Defining Domain Models
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Defining Domain Models

Updated: July 2008

The first step in defining a domain-specific language is to add domain classes and domain relationships to the domain model.

Domain Classes and Named Domain Classes

You can add a domain class or named domain class by dragging the one that you want from the Toolbox to the diagram. For more information, see Defining Domain Classes.

Domain Properties

You can add a domain property to a domain class by right-clicking the Domain Properties compartment of the domain class on the diagram and then clicking Add New Domain Property. You can change the name and the type of the domain property in the Properties window. You can add your own external types or enumerations to the model. For more information, see Defining Domain Properties.

Domain Enumerations and Enumeration Literals

You can add a domain enumeration by right-clicking the root of the model in the DSL Explorer and then clicking Add New Domain Enumeration. The element will appear in the DSL Explorer under the Domain Types node. This element does not appear on the diagram. To add enumeration literals to the domain enumeration, right-click the domain enumeration in the DSL Explorer and then click Add New Enumeration Literal.

External Types

An external type is not defined by the domain-specific language; instead, it is defined by another source, for example, System.Drawing.Color. In the DSL Explorer, right-click the root of the model, and then click Add New External Type. After you add the external type, give it the correct type name in the Properties window. For more information, see Defining Domain Enumerations and External Types.

Embedding Relationships

To add an embedding relationship, in the Toolbox, select the Embedding Relationship tool and, in the diagram, click the first domain class and then click the second domain class. If the relationship is valid, it will appear on the diagram as a line that contains a box for the name of the embedding relationship. The source domain class of an embedding relationship is the domain class that is the parent of the target domain class. By default, the name of the domain relationship is composed of the Name property of the source domain class (the containing class) and the Property Name property of the source domain class, as follows: SourceClassNameHasSourcePropertyName. If you change the name of a role on one end of the relationship, the relationship name will change to SourceRoleHasTargetRole. You can change these names.

Reference Relationships

You can add a reference relationship between two domain classes by selecting the Reference Relationship tool in the Toolbox, and then clicking the first domain class and then the second domain class. If the relationship is valid, it will appear on the diagram as a dotted line that contains a box for the name of the reference relationship. By default, the name is SourceClassReferencesSourcePropertyName.. If you change the name of a role on one end of the relationship, the relationship name will change to SourceRoleReferencesTargetRole. You can change these names.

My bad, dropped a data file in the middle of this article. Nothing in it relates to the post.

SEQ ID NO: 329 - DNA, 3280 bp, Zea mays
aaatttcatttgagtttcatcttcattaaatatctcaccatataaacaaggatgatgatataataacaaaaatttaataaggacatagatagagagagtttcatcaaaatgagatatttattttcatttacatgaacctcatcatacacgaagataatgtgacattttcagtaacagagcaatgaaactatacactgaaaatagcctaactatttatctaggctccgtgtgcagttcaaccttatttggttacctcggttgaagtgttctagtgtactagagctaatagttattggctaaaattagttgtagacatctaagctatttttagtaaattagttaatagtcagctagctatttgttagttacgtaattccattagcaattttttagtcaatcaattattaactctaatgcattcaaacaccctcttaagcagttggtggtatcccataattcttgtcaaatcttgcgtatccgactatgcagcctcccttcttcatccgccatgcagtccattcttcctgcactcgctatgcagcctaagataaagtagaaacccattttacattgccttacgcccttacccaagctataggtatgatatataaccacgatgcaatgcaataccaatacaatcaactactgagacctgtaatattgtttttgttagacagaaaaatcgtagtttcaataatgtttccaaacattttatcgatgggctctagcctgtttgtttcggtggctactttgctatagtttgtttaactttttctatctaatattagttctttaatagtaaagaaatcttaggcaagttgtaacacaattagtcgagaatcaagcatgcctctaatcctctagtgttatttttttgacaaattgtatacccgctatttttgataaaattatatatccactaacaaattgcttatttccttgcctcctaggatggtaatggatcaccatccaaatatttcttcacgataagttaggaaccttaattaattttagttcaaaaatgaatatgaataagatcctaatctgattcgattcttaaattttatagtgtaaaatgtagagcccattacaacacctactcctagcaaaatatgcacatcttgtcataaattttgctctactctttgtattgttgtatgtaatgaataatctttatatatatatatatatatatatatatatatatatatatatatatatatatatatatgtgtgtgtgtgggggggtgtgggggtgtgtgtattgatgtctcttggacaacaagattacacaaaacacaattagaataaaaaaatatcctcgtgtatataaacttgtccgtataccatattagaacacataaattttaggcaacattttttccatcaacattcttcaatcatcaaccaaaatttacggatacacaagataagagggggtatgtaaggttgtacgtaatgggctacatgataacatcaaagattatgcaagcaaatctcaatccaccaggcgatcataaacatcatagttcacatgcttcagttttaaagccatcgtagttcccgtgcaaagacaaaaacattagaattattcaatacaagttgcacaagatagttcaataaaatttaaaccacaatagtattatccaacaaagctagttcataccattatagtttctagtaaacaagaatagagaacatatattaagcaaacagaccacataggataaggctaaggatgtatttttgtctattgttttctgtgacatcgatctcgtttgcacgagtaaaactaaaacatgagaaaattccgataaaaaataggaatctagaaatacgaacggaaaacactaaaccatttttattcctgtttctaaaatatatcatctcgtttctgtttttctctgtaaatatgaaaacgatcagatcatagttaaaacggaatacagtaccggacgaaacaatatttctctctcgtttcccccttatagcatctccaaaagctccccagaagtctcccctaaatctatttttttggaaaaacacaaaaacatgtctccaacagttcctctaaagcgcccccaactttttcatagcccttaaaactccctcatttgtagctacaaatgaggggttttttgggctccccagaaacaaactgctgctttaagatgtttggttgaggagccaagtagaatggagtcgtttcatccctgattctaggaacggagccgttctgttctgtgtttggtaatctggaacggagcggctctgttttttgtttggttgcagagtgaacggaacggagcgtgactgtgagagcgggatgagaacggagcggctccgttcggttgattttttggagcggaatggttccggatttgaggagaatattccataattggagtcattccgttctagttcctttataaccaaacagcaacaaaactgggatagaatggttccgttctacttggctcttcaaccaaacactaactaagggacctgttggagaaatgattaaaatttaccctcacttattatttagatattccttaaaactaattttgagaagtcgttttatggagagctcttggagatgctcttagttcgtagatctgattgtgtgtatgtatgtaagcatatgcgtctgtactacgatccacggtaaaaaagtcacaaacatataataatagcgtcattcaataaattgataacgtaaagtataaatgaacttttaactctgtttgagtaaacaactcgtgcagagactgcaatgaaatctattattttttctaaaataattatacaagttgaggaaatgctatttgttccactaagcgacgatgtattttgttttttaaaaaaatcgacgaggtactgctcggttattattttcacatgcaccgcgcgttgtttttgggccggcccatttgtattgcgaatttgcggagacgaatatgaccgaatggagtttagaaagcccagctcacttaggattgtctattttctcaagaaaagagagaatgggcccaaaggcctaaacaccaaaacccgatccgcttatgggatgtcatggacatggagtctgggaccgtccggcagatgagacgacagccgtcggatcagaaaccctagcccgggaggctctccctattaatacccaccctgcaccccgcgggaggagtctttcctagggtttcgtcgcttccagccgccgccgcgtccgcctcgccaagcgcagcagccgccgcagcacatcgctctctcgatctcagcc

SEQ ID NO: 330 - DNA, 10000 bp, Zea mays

Inheritance Relationships

You can add an inheritance relationship by selecting the Inheritance tool in the Toolbox, and then dragging the derived class to the base class. If the relationship is valid, it will appear on the diagram as a straight line that has a hollow arrow that points from the derived class to the base class. Inheritance relationships do not have names or other properties.

For more information, see Defining Domain Relationships.

Element Merge Directives

By using element merge directives, you can specify what occurs when an element is added to the model. You can specify that new relationships are to be added between a new element and existing elements, or specify that a new element be made a child of an existing element. For more information, see How to: Add Element Merge Directives.

Domain Type Descriptors

You can use domain type descriptors to add information to the elements of your domain-specific language, in particular by creating a reference between a domain class and a property of a second domain class. For more information, see Defining Domain Type Descriptors.

Deletion Behavior

You can customize how model elements and relationships are deleted. For more information, see How to: Modify Deletion Behavior.

Custom Attributes

You can add attributes to modify your model elements. For more information, see How to: Add Custom Attributes.

Changing the Namespace

You can change the namespace of your domain-specific language. For more information, see How to: Change the Namespace of a Domain-Specific Language.

Date

History

Reason

July 2008

Rewrote and refactored project.

Content bug fix.

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